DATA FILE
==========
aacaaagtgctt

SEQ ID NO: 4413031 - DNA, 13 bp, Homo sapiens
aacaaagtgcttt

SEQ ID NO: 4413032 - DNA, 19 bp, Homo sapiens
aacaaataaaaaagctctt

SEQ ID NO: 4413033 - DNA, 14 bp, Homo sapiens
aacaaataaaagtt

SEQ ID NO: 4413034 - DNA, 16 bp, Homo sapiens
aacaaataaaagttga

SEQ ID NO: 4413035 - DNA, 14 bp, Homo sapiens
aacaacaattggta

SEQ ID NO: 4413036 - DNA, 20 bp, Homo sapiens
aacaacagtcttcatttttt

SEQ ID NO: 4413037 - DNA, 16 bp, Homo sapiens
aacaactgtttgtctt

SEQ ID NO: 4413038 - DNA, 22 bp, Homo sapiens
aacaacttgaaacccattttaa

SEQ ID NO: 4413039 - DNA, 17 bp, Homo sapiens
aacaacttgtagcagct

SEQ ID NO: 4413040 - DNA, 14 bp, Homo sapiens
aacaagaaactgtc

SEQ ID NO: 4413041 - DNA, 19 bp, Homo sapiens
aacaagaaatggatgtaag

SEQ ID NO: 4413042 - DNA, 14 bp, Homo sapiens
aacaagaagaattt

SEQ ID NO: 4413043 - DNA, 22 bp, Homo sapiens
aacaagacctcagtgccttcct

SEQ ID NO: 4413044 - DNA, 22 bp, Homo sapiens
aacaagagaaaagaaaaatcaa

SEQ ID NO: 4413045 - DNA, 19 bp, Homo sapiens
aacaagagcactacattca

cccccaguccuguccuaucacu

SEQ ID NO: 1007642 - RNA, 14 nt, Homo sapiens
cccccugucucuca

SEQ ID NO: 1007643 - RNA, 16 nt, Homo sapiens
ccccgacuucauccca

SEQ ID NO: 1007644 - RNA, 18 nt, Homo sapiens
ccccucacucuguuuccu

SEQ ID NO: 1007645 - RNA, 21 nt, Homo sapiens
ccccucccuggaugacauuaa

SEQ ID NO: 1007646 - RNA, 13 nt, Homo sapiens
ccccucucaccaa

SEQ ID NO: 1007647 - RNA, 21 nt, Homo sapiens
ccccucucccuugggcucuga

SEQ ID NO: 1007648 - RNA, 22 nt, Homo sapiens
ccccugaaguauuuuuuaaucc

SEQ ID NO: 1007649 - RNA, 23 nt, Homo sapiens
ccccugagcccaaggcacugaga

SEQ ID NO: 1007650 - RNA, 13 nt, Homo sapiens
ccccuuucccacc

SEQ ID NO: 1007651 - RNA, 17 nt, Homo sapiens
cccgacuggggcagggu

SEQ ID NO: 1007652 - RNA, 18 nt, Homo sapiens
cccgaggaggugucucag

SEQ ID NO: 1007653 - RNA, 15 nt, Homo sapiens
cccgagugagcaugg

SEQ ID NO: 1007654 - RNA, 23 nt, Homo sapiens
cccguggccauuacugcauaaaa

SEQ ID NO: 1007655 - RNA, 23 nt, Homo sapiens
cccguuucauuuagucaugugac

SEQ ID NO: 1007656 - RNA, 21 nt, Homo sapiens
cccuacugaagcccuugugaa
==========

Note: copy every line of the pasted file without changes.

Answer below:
aacaaagtgctt

SEQ ID NO: 4413031 - DNA, 13 bp, Homo sapiens
aacaaagtgcttt

SEQ ID NO: 4413032 - DNA, 19 bp, Homo sapiens
aacaaataaaaaagctctt

SEQ ID NO: 4413033 - DNA, 14 bp, Homo sapiens
aacaaataaaagtt

SEQ ID NO: 4413034 - DNA, 16 bp, Homo sapiens
aacaaataaaagttga

SEQ ID NO: 4413035 - DNA, 14 bp, Homo sapiens
aacaacaattggta

SEQ ID NO: 4413036 - DNA, 20 bp, Homo sapiens
aacaacagtcttcatttttt

SEQ ID NO: 4413037 - DNA, 16 bp, Homo sapiens
aacaactgtttgtctt

SEQ ID NO: 4413038 - DNA, 22 bp, Homo sapiens
aacaacttgaaacccattttaa

SEQ ID NO: 4413039 - DNA, 17 bp, Homo sapiens
aacaacttgtagcagct

SEQ ID NO: 4413040 - DNA, 14 bp, Homo sapiens
aacaagaaactgtc

SEQ ID NO: 4413041 - DNA, 19 bp, Homo sapiens
aacaagaaatggatgtaag

SEQ ID NO: 4413042 - DNA, 14 bp, Homo sapiens
aacaagaagaattt

SEQ ID NO: 4413043 - DNA, 22 bp, Homo sapiens
aacaagacctcagtgccttcct

SEQ ID NO: 4413044 - DNA, 22 bp, Homo sapiens
aacaagagaaaagaaaaatcaa

SEQ ID NO: 4413045 - DNA, 19 bp, Homo sapiens
aacaagagcactacattca

cccccaguccuguccuaucacu

SEQ ID NO: 1007642 - RNA, 14 nt, Homo sapiens
cccccugucucuca

SEQ ID NO: 1007643 - RNA, 16 nt, Homo sapiens
ccccgacuucauccca

SEQ ID NO: 1007644 - RNA, 18 nt, Homo sapiens
ccccucacucuguuuccu

SEQ ID NO: 1007645 - RNA, 21 nt, Homo sapiens
ccccucccuggaugacauuaa

SEQ ID NO: 1007646 - RNA, 13 nt, Homo sapiens
ccccucucaccaa

SEQ ID NO: 1007647 - RNA, 21 nt, Homo sapiens
ccccucucccuugggcucuga

SEQ ID NO: 1007648 - RNA, 22 nt, Homo sapiens
ccccugaaguauuuuuuaaucc

SEQ ID NO: 1007649 - RNA, 23 nt, Homo sapiens
ccccugagcccaaggcacugaga

SEQ ID NO: 1007650 - RNA, 13 nt, Homo sapiens
ccccuuucccacc

SEQ ID NO: 1007651 - RNA, 17 nt, Homo sapiens
cccgacuggggcagggu

SEQ ID NO: 1007652 - RNA, 18 nt, Homo sapiens
cccgaggaggugucucag

SEQ ID NO: 1007653 - RNA, 15 nt, Homo sapiens
cccgagugagcaugg

SEQ ID NO: 1007654 - RNA, 23 nt, Homo sapiens
cccguggccauuacugcauaaaa

SEQ ID NO: 1007655 - RNA, 23 nt, Homo sapiens
cccguuucauuuagucaugugac

SEQ ID NO: 1007656 - RNA, 21 nt, Homo sapiens
cccuacugaagcccuugugaa